38 Humāyūn-nāma, pp. 2–3Google Scholar: she notes Babur did not mention Gulbadan's mother in the Persian translation, but did in the Turki where he styled her aghacha, a lady. Here she may have been relying on Erskine's translation of Babur. Erskine had incorporated as much of the work of John Leyden as he could—Leyden had been working from the Turki before his premature death. Still Annette did not cite Erskine on the point, which would have been more in character.
39 William Beveridge Papers, BLPS, IIa18, A., to W., , May 8, 1901Google Scholar. The two earlier lessons were mentioned in letters of April 30 and May 2.
41 Beveridge, A. S., “Notes on the MSS. of the Turki text of Babar's Memoirs”, JRAS, N.S., XXXIII (1901), pp. 439–449.Google Scholar
42 Beveridge Papers, India Office, EUR MSS C176/190, Allen, Alice to Annette, , Mar. 20, 1892Google Scholar. “Father quite shares our liking for Babur's Memoirs. We now have Bernier's Travels. Those old Moguls were a murdering lot and so horribly cruel”. Alice, who had been a friend of the Beveridge children, was writing from India.
44 Mountstuart Elphinstone Papers, cited in Grewal, J. S., Muslim Rule in India (Calcutta, 1970), p. 132.Google Scholar
45 Beveridge, Henry, “Notes on Persian MSS. in Indian libraries”, JRAS, N.S., XXXIII (1901), pp. 83–84.Google Scholar
46 Beveridge, A. S., “Further notes on the MSS of the Turki text of Babar's Memoirs” JRAS, N.S., XXXIV (1902), pp. 657.Google Scholar
65 Cited in Showalter, Elaine, A Literature of Their Own: British Women Novelists from Bronte to Lessing (Princeton, 1977), p. 97.Google Scholar
66 Given that Annette was one of the first women to toil in the vineyard of Mughal scholarship, it is ironic that another woman, Winifred Holmes, writing on Gulbadan in the 1950s, failed to credit Annette's work, and seems to have come very near plagiarizing it-certainly William Beveridge thought so. He challenged Holmes in the matter in an extensive memorandum comparing passages, demonstrating that Holmes's article and essay were simply a retelling of Annette's work. Holmes backed off, blaming her publishers. See Holmes, Winifred, “The Arwhale-e-Humayun by Gulbadan Begum”, Islamic Quarterly, I/3 (1954–1955)Google Scholar; and her Crescent and Cross (London, 1955).Google Scholar Chapter 8; and William Beveridge Papers, BLPS, Ia20–22, Memorandum of Dec. 10, 1956Google Scholar.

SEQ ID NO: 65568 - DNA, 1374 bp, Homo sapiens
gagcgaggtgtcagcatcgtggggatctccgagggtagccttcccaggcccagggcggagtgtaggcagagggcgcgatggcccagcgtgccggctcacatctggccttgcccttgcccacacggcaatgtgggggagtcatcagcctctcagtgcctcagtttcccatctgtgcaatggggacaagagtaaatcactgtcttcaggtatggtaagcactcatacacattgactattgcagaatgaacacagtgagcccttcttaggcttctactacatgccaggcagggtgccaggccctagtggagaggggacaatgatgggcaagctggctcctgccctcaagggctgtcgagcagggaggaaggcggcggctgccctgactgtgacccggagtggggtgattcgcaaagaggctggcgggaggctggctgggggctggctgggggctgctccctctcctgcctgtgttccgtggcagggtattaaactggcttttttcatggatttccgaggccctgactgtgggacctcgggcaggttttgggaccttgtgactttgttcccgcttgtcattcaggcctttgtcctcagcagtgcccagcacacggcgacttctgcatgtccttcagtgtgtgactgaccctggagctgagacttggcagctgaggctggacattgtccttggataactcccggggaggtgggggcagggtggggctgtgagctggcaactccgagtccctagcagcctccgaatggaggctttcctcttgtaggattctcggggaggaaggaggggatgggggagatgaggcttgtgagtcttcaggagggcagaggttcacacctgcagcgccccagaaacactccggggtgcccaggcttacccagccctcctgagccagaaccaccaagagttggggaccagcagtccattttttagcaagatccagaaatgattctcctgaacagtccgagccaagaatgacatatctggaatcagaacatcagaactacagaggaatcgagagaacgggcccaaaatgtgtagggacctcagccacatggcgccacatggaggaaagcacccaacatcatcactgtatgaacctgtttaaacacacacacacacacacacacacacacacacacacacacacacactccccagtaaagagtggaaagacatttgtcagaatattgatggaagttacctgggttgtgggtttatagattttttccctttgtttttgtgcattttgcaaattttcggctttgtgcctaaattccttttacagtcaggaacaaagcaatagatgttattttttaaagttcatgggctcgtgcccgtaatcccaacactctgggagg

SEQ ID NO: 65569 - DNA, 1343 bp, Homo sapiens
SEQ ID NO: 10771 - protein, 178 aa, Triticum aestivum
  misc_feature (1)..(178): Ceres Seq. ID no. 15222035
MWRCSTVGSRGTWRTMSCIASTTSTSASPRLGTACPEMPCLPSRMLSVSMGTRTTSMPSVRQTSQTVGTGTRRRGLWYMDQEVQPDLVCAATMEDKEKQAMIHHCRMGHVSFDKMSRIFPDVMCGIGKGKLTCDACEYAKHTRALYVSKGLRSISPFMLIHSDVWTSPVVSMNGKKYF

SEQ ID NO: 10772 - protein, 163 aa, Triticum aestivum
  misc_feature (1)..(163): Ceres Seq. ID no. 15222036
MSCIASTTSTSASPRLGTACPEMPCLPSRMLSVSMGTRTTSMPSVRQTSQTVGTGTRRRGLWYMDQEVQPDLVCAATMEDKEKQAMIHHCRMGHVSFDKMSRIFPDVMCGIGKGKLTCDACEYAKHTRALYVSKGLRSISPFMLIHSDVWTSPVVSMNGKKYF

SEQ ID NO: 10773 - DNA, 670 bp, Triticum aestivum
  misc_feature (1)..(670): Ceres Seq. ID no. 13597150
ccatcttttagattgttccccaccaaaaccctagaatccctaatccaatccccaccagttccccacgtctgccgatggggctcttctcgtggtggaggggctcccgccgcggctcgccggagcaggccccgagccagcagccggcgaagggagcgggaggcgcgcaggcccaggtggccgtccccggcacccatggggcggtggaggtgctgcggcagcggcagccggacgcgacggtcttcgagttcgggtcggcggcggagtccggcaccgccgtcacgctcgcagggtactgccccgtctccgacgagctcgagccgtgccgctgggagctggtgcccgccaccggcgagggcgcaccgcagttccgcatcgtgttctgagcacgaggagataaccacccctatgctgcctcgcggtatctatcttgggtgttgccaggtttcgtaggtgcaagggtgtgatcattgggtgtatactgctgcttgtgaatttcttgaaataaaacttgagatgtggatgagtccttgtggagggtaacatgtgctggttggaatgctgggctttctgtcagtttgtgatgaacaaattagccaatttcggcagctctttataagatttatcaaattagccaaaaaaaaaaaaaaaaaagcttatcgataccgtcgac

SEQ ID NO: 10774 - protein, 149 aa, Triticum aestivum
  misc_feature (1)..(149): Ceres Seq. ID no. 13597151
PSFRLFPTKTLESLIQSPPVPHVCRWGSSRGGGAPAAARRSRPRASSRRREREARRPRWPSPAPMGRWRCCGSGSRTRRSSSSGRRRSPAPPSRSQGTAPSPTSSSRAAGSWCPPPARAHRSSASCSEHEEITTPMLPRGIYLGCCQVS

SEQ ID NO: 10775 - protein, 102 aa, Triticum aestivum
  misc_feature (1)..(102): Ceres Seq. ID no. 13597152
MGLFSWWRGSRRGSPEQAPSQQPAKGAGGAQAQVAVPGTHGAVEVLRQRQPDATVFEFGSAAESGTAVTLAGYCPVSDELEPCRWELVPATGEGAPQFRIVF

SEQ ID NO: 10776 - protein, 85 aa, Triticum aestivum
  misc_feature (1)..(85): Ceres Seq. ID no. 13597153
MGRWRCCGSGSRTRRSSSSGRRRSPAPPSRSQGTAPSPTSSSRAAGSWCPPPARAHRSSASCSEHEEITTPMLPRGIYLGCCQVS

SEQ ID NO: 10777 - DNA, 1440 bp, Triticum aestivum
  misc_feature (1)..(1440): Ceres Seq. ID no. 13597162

67 A separate Persian phrase, “uterine brother”, applied to just such a relationship: Humāyūn-nāma, pp. 237–238.Google Scholar
68 Beveridge, A. S., “A suggestion for the second edition of Mr. Blochmann's Ain”, Journal of the Asiatic Society of Bengal, LX1V, Part 1, No. 2 (1895), pp. 163–165.Google Scholar
69 This is a theme I develop in the life of Beveridge I am writing.
76 Beveridge Papers, India Office, EUR MSS C176/27, A., to Henry, , Oct. 15, 1890Google Scholar. This was a month after Herman's death.
77 Just how Annette verified this, I do not know—perhaps through a personal contact in India, or perhaps there were records in India she could reach with the help of contacts at the Asiatic Society of Bengal.
78 Annette did not indicate what work of Hunter's it was in; perhaps his Rural Annals of Bengal.
81 Beveridge Papers, India Office, Eur MSS C176/177, Nichols, Ellen to A., , Dec. 11, 1865Google Scholar.
82 Fussell's, Paul The Great War and Modern Memory (London, 1975)Google Scholar addresses the subject of the war as a great divide between the lexicons of lofty and low.
90 William Beveridge Papers, BLPS, IIa20, A., to W., , May 3, 1905Google Scholar. A recenc book on Mary Magdalen and how her image evolved from early to later Christian times stresses the same point Annette made about Christ's having treated women as equals. See Haskins, Susan, Mary Magdalen: Myth and Metaphor (New York, 1994).Google Scholar